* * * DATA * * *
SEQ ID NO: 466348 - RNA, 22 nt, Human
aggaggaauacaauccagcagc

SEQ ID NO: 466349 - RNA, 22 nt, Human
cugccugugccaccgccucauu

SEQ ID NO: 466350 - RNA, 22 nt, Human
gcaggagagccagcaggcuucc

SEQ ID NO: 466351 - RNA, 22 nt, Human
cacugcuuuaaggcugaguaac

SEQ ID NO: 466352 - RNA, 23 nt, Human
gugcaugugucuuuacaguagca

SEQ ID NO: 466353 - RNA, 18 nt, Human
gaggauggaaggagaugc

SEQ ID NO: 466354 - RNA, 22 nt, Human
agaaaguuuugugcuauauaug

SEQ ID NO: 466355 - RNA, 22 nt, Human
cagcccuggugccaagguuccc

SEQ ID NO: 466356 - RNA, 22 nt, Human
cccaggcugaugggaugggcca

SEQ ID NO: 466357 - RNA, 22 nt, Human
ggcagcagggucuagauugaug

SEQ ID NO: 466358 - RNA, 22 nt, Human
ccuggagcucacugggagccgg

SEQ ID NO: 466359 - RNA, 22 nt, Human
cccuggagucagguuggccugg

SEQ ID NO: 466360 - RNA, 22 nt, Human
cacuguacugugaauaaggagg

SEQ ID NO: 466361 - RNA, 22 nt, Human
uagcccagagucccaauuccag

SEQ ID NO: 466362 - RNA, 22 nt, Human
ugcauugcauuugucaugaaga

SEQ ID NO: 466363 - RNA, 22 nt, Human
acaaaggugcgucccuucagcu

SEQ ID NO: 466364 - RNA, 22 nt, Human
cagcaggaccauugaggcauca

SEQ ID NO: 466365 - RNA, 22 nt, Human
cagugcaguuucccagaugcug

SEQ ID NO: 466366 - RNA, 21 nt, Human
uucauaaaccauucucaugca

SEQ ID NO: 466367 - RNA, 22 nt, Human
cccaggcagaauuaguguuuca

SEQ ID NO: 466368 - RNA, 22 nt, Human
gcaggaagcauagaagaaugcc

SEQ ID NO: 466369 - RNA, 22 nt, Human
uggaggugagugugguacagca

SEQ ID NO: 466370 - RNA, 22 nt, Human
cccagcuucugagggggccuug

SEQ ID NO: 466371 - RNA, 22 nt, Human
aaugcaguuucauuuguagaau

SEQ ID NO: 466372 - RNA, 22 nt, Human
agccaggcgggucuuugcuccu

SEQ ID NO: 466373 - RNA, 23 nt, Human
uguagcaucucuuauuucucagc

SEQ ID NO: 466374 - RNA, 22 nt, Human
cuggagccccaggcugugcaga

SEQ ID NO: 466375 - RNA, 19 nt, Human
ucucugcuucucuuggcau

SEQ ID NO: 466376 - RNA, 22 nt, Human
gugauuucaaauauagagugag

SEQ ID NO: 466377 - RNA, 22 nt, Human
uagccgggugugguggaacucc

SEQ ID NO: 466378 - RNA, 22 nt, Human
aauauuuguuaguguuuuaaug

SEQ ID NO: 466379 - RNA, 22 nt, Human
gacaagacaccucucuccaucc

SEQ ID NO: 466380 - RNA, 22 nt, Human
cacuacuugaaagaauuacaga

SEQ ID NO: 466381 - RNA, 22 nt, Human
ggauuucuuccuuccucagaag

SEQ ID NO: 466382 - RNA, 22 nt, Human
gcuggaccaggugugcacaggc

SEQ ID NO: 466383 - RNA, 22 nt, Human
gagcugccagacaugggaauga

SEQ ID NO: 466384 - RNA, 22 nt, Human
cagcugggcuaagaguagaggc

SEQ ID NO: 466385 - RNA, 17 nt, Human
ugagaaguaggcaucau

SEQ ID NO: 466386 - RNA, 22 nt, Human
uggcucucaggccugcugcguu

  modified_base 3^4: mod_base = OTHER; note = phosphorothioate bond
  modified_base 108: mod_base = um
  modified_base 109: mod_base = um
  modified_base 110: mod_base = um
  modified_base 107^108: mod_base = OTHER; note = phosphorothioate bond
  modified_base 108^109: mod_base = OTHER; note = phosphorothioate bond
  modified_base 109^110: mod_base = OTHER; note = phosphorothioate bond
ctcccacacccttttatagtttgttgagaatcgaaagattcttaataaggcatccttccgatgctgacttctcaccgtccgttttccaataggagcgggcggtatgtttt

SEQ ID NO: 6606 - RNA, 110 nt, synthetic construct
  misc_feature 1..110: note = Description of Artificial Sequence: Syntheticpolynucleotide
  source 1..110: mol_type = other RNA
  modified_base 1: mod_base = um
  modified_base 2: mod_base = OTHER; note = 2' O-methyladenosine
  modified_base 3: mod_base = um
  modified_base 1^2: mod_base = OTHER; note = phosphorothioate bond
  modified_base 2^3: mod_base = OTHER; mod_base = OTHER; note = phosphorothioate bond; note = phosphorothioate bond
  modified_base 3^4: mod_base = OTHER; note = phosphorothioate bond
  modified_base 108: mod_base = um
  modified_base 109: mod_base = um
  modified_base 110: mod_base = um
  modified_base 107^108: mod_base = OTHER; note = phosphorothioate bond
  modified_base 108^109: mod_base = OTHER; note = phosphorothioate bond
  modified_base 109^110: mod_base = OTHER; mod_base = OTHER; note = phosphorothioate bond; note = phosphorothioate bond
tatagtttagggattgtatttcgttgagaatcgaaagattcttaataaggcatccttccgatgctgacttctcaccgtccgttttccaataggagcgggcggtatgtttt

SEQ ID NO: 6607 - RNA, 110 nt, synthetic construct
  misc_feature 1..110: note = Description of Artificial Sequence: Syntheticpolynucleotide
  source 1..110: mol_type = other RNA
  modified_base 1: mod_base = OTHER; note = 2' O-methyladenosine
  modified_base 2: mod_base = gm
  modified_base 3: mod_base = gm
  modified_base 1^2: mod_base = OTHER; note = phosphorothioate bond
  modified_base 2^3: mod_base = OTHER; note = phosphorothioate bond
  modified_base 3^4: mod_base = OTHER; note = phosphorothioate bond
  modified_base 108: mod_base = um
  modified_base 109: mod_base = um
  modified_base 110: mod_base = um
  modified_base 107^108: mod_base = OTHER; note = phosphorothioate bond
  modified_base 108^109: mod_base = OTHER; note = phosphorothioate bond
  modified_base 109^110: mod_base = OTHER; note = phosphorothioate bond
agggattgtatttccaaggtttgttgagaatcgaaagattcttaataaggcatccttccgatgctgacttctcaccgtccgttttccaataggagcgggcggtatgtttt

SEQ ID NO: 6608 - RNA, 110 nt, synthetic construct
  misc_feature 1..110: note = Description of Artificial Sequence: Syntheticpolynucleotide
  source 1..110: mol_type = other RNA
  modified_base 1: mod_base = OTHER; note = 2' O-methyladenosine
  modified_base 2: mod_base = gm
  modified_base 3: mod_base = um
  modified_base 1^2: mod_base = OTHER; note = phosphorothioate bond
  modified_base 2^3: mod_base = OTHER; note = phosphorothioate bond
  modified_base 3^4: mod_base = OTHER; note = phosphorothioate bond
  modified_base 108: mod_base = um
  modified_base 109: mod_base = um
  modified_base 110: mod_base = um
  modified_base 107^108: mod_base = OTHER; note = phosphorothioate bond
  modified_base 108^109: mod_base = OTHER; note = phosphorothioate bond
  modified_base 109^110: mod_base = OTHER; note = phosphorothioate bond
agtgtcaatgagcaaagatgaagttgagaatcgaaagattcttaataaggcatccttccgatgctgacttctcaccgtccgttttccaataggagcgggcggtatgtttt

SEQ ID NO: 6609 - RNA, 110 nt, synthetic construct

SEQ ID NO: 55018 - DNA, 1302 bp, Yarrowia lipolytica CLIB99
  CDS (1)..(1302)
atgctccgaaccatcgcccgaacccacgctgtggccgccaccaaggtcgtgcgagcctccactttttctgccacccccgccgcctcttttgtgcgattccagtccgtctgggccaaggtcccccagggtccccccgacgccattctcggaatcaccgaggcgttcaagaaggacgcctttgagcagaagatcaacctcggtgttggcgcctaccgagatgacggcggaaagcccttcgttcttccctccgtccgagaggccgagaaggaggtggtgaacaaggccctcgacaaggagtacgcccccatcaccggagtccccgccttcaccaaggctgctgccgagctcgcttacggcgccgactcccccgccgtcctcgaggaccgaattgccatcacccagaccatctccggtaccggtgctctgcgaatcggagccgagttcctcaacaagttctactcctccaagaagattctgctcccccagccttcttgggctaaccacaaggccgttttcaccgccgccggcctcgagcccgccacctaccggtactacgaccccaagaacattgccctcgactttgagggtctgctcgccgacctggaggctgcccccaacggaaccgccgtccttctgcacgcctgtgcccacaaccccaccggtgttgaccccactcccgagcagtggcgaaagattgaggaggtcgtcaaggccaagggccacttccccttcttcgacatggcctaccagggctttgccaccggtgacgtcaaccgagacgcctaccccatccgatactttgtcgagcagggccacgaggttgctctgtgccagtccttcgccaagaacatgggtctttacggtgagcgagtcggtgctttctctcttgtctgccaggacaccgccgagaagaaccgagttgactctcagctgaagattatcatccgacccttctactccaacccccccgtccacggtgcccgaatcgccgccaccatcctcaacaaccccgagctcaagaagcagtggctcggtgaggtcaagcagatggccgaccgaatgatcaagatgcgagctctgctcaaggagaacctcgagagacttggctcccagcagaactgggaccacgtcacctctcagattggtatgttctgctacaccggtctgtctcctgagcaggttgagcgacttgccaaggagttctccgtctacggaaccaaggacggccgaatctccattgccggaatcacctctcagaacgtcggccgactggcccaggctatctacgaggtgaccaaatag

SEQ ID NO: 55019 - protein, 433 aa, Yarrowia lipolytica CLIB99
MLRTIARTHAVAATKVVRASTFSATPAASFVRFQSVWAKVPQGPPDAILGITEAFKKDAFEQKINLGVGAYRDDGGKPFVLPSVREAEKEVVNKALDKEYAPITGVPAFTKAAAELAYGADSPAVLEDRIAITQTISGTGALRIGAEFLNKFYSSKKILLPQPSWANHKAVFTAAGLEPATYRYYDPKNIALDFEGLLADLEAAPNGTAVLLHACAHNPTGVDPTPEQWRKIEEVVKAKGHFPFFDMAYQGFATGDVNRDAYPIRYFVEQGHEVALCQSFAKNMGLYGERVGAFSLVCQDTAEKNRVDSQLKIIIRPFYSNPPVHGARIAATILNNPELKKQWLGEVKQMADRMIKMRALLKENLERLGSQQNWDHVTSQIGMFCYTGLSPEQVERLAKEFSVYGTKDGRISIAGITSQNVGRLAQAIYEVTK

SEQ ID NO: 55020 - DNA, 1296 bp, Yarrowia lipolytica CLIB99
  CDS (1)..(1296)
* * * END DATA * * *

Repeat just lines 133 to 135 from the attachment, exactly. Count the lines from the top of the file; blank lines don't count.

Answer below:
  modified_base 109^110: mod_base = OTHER; note = phosphorothioate bond
agtgtcaatgagcaaagatgaagttgagaatcgaaagattcttaataaggcatccttccgatgctgacttctcaccgtccgttttccaataggagcgggcggtatgtttt

SEQ ID NO: 6609 - RNA, 110 nt, synthetic construct